Sunday, March 29, 2009

Where I End And You Begin

We think we know what we are, where our boundaries lie. We look at our skin and think, “That's where I stop and the rest of the world begins.”

But it's not that simple. We breathe in molecules; oxygen, nitrogen, carbon. We eat all sorts of atoms. We don't know where all they've been. And those atoms of unknown origin are what our bodies use to repair cells, distill neurotransmitters, concoct enzymes, and cook up hormones.

Each of our cells has membranes that allow only things as small as a molecule in or out. You eat something, like a banana, and it gets broken down in your gut into molecules that pass through the wall of your small intestine into your body. Those molecules get passed around from cell to cell as needed. If one cell needs potassium, it sucks some in. If a cell has too much potassium, it pushes some molecules back out through its membrane. Eventually, some of the potassium molecules that were once part of a banana, and more recently part of you, get sent packing completely to possibly fertilize a banana tree if you live where banana trees grow.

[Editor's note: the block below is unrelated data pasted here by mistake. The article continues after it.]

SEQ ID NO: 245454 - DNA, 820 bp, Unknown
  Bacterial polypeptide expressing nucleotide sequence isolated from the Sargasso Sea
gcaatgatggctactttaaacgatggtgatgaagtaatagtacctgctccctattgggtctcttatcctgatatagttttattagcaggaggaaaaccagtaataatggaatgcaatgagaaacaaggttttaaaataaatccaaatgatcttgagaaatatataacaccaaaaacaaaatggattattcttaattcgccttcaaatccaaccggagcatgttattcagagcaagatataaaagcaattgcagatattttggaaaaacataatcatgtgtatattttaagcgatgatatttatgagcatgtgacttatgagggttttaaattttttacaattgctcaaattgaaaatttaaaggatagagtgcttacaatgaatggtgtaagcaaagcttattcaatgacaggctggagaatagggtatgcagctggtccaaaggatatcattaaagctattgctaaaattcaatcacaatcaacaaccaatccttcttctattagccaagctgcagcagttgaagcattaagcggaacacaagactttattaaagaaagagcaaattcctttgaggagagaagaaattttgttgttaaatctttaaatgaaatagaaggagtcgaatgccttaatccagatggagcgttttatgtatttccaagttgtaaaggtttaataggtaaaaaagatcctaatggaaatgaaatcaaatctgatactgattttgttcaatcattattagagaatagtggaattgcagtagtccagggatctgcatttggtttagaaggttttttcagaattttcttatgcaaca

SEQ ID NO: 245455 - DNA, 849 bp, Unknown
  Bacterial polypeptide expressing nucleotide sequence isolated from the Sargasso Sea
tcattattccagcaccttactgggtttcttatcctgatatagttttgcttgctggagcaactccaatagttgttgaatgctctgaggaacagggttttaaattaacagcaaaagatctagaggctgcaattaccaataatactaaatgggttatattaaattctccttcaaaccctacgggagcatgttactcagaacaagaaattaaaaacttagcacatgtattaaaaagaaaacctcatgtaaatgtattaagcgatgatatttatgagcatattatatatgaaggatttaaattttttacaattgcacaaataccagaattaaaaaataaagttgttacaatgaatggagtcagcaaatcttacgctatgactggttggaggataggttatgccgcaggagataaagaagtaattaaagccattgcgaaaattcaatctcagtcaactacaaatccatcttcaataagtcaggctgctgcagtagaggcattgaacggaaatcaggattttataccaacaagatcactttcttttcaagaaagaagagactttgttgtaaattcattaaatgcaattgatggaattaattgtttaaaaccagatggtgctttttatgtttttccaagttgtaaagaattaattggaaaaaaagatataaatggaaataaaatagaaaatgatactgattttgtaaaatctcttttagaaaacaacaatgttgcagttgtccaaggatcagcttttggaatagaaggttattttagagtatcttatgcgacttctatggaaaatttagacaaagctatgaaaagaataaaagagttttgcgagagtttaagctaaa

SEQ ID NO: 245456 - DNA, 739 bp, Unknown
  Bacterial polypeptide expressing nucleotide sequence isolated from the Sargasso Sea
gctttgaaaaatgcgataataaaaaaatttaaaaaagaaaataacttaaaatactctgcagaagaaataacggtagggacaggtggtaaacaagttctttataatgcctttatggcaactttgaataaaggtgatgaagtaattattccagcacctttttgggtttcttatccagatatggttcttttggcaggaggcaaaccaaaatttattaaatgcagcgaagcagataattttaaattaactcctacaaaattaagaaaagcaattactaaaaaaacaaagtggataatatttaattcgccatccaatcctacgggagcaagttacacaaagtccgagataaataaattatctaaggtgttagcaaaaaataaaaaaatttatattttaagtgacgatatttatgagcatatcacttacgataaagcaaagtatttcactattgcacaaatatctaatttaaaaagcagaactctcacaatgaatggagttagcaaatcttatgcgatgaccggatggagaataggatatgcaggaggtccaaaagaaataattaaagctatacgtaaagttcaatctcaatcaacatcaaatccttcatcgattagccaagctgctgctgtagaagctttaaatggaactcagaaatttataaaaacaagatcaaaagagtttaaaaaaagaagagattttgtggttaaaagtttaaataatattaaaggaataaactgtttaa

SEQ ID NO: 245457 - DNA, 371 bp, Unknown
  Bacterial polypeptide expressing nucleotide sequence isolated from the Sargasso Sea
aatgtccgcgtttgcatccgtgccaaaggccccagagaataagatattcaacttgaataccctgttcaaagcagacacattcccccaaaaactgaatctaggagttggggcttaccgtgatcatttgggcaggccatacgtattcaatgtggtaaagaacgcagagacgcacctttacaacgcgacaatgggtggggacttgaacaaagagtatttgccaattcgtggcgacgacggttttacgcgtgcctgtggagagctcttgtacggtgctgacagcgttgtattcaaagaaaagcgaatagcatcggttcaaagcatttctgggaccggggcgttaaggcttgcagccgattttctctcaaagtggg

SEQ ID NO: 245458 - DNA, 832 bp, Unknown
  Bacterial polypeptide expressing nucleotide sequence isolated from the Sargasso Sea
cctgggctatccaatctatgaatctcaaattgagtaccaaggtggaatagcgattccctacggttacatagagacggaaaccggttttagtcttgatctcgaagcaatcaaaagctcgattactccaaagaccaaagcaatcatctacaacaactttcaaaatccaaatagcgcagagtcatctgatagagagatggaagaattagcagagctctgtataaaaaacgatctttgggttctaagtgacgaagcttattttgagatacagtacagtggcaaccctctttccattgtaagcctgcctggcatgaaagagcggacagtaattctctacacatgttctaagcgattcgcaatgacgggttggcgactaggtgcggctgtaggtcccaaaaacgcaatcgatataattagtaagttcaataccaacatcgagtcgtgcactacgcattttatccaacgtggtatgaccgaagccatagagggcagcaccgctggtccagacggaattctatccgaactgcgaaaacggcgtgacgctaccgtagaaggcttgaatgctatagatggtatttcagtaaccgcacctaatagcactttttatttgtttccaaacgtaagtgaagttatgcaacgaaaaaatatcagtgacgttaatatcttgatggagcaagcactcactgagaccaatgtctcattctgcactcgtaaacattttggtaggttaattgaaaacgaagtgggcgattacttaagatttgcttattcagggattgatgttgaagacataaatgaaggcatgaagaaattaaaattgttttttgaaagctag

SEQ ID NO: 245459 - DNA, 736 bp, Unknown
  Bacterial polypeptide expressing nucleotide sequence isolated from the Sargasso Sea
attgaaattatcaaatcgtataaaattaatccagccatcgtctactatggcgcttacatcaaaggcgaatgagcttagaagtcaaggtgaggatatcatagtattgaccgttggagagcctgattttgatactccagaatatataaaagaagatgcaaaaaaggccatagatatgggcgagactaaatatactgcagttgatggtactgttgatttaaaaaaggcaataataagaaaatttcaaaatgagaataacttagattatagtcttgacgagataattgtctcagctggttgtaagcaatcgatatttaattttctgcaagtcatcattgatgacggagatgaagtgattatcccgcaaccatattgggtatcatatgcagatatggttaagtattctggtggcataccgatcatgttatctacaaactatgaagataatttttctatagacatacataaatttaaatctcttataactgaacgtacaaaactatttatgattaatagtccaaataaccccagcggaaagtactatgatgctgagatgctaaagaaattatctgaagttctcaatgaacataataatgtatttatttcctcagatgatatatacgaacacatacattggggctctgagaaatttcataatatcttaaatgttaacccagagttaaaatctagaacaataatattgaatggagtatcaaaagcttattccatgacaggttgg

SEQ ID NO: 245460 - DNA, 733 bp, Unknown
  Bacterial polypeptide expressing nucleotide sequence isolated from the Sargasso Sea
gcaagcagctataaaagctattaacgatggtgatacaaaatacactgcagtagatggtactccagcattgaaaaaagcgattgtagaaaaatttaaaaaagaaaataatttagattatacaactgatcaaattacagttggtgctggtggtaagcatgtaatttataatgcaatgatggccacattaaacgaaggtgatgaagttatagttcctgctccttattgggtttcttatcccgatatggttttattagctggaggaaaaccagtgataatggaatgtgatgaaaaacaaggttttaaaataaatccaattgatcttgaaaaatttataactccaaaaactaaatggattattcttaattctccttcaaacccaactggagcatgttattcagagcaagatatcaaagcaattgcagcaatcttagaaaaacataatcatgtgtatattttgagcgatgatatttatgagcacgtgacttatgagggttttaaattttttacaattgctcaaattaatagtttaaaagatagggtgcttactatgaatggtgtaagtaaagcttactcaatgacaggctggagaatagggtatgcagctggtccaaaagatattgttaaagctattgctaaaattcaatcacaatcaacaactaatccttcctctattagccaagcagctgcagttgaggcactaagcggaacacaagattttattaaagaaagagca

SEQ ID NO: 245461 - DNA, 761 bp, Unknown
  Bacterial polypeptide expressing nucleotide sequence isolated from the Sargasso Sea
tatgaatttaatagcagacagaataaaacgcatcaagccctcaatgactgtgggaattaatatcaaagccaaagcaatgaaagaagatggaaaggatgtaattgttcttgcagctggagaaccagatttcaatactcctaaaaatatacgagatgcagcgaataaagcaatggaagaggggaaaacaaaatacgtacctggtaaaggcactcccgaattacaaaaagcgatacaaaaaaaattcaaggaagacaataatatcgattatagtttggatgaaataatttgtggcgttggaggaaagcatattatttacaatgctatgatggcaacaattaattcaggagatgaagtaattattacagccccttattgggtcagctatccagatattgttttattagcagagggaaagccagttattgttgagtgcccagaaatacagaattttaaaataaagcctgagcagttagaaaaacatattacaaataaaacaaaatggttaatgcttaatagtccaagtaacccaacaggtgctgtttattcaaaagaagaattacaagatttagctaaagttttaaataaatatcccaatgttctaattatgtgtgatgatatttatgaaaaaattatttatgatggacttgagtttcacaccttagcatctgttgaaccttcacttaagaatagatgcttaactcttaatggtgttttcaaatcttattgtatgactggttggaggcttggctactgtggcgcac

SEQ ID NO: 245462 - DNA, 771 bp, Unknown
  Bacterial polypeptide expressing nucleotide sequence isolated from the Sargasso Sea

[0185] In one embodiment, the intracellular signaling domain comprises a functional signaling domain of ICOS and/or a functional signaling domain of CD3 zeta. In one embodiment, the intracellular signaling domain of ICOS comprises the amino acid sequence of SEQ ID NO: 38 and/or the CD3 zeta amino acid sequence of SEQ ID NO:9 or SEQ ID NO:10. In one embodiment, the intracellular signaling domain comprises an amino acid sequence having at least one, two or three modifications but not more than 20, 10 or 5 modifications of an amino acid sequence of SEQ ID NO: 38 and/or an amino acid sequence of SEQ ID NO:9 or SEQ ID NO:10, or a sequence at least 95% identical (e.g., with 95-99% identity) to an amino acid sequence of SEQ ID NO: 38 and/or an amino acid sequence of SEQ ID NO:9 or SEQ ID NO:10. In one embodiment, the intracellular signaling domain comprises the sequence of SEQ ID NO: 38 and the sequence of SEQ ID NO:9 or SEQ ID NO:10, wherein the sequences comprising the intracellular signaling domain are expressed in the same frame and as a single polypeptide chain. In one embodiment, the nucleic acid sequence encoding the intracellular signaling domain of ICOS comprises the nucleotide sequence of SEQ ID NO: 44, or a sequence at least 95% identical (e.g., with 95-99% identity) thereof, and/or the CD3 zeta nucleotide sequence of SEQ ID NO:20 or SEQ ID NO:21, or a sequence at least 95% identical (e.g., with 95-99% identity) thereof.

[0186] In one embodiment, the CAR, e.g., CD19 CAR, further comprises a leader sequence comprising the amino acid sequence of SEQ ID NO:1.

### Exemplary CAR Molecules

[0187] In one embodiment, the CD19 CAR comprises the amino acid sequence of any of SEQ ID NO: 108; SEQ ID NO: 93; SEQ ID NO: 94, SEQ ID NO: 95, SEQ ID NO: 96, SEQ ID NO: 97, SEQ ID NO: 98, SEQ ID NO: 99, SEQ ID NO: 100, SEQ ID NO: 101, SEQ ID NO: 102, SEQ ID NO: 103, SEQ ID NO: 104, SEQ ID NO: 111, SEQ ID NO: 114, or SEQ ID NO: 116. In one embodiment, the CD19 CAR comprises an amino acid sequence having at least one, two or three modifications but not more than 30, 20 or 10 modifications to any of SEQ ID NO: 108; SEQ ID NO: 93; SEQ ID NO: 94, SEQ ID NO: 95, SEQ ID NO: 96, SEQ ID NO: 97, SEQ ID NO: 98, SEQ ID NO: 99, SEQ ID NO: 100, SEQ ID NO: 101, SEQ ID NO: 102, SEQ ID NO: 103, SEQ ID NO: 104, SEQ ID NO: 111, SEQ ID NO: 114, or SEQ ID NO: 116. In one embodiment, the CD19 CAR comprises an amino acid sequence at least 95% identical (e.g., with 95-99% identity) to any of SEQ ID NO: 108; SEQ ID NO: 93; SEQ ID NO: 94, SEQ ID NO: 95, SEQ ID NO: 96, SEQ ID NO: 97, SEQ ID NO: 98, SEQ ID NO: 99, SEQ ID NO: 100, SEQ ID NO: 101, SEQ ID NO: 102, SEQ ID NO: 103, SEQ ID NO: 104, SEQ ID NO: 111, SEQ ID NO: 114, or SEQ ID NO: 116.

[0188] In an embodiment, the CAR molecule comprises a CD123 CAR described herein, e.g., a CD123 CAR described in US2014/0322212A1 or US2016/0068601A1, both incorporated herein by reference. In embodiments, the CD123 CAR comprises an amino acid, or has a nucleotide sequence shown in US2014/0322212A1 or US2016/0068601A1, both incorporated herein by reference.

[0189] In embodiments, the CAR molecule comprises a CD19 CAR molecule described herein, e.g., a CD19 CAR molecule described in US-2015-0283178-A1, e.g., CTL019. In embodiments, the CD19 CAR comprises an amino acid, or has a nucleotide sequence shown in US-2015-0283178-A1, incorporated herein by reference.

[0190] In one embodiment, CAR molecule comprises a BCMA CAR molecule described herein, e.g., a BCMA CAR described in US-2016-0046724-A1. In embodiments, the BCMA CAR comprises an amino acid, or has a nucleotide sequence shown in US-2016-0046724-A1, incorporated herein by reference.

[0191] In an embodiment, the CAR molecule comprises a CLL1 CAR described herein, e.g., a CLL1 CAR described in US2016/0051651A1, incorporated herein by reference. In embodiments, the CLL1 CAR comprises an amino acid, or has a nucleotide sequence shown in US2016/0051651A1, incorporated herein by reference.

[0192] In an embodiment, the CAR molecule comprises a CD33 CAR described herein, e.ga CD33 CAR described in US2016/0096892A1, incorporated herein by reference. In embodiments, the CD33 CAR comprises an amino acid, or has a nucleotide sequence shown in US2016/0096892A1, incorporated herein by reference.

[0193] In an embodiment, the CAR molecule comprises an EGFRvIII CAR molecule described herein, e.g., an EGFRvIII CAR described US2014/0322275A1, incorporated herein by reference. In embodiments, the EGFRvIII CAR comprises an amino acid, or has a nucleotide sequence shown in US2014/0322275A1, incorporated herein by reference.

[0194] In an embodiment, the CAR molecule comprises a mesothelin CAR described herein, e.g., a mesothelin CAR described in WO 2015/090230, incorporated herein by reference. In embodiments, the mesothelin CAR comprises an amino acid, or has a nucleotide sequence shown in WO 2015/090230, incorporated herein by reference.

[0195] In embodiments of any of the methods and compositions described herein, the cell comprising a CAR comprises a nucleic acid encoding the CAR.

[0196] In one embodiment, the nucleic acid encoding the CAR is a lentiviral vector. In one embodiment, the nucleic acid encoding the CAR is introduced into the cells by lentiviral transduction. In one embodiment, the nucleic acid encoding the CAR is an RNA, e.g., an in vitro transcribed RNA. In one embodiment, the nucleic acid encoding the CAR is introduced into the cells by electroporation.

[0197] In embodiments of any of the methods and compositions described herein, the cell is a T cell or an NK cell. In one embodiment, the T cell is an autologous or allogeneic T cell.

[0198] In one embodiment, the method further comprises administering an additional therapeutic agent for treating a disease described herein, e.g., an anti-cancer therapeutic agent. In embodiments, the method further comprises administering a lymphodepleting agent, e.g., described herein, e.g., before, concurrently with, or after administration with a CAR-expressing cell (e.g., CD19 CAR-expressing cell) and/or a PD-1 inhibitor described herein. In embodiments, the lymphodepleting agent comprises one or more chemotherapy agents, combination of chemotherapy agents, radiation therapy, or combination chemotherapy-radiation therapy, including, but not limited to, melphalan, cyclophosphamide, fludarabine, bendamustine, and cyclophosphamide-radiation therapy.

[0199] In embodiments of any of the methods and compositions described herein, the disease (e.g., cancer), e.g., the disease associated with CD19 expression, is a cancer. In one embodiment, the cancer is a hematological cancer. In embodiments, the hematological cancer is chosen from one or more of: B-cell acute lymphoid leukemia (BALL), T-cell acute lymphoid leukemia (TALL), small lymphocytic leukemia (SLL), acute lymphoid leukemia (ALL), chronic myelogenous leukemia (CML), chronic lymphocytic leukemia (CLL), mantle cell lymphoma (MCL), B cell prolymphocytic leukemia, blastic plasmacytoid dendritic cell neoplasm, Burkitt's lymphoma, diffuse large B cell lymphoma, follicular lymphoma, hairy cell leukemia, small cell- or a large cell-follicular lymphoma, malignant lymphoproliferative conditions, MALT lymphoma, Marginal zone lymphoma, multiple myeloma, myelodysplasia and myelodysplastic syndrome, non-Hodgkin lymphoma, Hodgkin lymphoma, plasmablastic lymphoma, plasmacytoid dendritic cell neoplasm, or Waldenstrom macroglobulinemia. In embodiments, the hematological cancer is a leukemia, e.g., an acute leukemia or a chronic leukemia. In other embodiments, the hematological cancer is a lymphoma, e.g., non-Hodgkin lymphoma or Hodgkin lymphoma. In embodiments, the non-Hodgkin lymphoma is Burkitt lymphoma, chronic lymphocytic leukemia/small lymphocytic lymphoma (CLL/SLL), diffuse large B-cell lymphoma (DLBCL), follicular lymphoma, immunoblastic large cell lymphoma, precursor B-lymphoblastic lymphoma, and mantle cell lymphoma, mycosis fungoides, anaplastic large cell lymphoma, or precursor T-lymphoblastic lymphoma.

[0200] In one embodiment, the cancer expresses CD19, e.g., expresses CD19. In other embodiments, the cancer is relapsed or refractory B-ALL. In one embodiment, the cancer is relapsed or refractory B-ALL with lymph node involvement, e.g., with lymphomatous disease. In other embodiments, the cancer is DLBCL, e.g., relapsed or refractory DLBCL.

Your whole body is made up of molecules borrowed temporarily from the rest of the world. What you add to those molecules is your own style of consciousness. You can tack on a bit of energetic feeling to those potassium molecules. What will you give to the banana tree? That feeling of disgust as you look at your flabby tummy and smell the sweat you’ve built up coming home on the bus after a day working a job you hate? Or something else?

Breathe in and feel whatever you feel. Breathe out and thank all those molecules heading off to other bodies, wish them well, for all the cells they touched.

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